"That's HER?  Right?  Right?!?"  

And it was.  Now four and a half years old and not the toddler he remembered but the still same little girl that was their sister for a precious year.  We all stopped and stared. 

We didn't approach her.  I would never approach her.  But we stared. 

"Look how long her hair is!"
"Wow, she is big!"
"I miss her mommy"
"She is so, so precious"

And then  "Why is she by herself mom?"

The longer we watched, the more it became apparent that she was alone.  And scared.  And lost.   Her look changed from playful, to fearful, to terrified.  Seconds, and then minutes passed.  And tears began to fill her eyes as she scanned the large crowd of people looking for a familiar face. 

As did I. 

Where was She that took her from me?  Where was the one responsible for her?  Why is MY BABY alone in this crowd of people?  Why was she scared and crying and feeling alone? 

Oh God what are you doing to me.

I called her name. The name etched on my heart for eternity.  I am not even sure I meant to, but there was something in me that could not let her stand right there in front of me, mere yards away, and suffer.

For the first time in three years I called out her name in a tone and voice that once meant Mama to her.  And she turned instantly and ran the thirty feet across a dusty parking lot and without once looking at my face she wrapped herself around my legs. 

"I was lost" she sobbed, "I couldn't find anyone". 

She pulled back from my legs and looked at me.  Calmer now, but utterly confused she realized she didn't recognize me, yet had ran to me because she thought she had. 

She knew my voice, she didn't know my face.

On my knees,  I wrapped my arms around and her and promised her it would be OK.  Encircled by my standing sons who just simply stared in awe at what was happening,  I told her my name was Jen.  That once, a long long time ago I was a special friend and that I would help her find that who she was searching for. 

"I was really scared" she said, tears still streaming down her face. 

I have begged God.  Begged.  Just one more hug.  Please God I need one more chance to tell her I love her.  I need to feel her weight in my arms just one more time.  I need that chance to whisper to her that I will never, ever forget.  Just.One.More.Moment. Please, God. Please.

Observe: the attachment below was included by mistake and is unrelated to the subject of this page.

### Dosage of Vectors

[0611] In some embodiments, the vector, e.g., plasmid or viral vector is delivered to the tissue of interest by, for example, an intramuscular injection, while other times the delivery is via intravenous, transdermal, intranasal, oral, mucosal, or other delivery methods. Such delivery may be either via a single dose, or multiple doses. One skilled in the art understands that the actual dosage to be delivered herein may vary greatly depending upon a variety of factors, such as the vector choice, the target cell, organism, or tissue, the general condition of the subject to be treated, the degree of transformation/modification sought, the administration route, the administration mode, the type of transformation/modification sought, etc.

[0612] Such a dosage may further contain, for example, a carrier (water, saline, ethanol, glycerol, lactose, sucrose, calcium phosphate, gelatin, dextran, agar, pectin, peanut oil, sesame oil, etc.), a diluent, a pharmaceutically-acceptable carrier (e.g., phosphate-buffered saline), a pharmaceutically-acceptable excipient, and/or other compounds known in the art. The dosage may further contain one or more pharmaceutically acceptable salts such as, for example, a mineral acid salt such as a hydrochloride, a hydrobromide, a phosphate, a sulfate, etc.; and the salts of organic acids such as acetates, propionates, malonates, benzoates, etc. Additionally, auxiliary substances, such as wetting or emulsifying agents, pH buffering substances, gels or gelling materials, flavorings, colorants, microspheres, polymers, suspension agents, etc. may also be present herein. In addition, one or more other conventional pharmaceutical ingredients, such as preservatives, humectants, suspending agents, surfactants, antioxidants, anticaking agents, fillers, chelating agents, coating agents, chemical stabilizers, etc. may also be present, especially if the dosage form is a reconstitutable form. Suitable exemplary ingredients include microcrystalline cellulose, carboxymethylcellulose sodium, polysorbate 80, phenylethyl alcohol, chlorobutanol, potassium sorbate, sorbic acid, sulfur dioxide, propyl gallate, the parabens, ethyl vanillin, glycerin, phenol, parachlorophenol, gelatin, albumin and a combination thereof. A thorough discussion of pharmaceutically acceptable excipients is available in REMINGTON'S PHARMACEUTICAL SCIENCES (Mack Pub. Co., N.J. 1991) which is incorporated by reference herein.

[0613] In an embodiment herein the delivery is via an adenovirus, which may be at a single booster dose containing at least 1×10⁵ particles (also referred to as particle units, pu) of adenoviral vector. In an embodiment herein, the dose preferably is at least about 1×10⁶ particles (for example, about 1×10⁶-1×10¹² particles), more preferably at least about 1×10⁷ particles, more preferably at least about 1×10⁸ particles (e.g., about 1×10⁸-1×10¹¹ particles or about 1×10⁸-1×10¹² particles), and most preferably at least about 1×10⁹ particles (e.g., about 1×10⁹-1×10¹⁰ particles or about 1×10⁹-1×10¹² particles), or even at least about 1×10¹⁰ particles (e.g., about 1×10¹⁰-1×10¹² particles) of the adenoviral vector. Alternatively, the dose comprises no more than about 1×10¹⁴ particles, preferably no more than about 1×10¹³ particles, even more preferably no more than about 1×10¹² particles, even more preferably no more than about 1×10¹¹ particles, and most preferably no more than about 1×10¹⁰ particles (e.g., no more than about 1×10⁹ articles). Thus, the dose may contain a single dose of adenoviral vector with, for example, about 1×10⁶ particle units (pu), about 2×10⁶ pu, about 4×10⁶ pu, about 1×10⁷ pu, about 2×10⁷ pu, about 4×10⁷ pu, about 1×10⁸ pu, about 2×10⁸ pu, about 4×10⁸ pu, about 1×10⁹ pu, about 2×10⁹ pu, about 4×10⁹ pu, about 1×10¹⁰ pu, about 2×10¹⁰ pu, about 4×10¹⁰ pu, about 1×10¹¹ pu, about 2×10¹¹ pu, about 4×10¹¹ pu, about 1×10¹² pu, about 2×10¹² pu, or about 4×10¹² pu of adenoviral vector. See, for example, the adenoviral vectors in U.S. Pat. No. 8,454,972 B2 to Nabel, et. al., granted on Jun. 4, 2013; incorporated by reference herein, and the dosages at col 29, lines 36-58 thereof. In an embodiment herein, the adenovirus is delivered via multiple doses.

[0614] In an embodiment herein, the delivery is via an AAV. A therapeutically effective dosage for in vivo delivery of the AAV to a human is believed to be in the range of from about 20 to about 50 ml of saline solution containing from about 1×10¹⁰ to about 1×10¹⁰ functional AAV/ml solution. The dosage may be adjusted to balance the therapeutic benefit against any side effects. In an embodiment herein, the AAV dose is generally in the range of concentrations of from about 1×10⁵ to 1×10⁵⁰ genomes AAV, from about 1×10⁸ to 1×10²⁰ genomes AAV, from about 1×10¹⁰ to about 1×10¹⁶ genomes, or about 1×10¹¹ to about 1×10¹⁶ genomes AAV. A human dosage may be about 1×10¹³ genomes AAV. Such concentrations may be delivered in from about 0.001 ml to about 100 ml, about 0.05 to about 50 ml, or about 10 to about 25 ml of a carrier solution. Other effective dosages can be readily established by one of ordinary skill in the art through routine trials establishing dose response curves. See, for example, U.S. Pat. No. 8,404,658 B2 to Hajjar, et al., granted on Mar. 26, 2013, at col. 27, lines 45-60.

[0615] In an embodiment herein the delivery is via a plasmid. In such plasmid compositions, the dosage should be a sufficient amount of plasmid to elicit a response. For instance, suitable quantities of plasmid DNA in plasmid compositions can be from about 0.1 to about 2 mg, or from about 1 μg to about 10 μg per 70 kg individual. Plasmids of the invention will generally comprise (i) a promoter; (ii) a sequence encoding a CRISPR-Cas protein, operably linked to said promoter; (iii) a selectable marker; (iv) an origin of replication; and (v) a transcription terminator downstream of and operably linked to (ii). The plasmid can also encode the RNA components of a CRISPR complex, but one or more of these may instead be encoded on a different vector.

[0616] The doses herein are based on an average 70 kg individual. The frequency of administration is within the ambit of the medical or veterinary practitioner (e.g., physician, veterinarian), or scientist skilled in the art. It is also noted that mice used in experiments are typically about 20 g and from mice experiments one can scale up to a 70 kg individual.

Now?  Here?  Oh God I cannot do this.  I cannot believe this is happening.  Please let me remember this.  Let me savor every single second.  This is going to end.  Oh God this is going to end too soon.

With instructions to my sons to keep looking for the missing grownup, I took my finger and tucked her hair behind her ear, and took my sleeve and wiped the dusty tears from her face.

"When you were a little, tiny baby and were feeling sad or scared I would sing you this song and it would make you smile"

And there, on that dusty, packed dirt parking lot, surrounded by 1000s of people bustling around to enjoy the celebrations of the day oblivious to a mother's broken heart,  the cry of that heart was heard as she sang a lullaby to big girl sitting on her lap. 

Tanner came back, having spotted who we were all looking for, oblivious to the parking lot drama, sitting a fair distance away visiting with a friend. 

"I love you so much.  I never want you to forget that you are a loved and beautiful girl"

I stood her up.  I placed her hand in Tanner's and promised her that he was a big, safe boy who loved her very much too and he would take where she needed to go.

She walked off once again with a smile on her face, holding the hand of my son as he pointed her in the right direction and she scrambled off from a past she doesn't remember to happily reunite with her present.

And I cried.  A blessing I had begged for.  A curse that ripped off the scab of healing.
And it took me six months to be able to write about.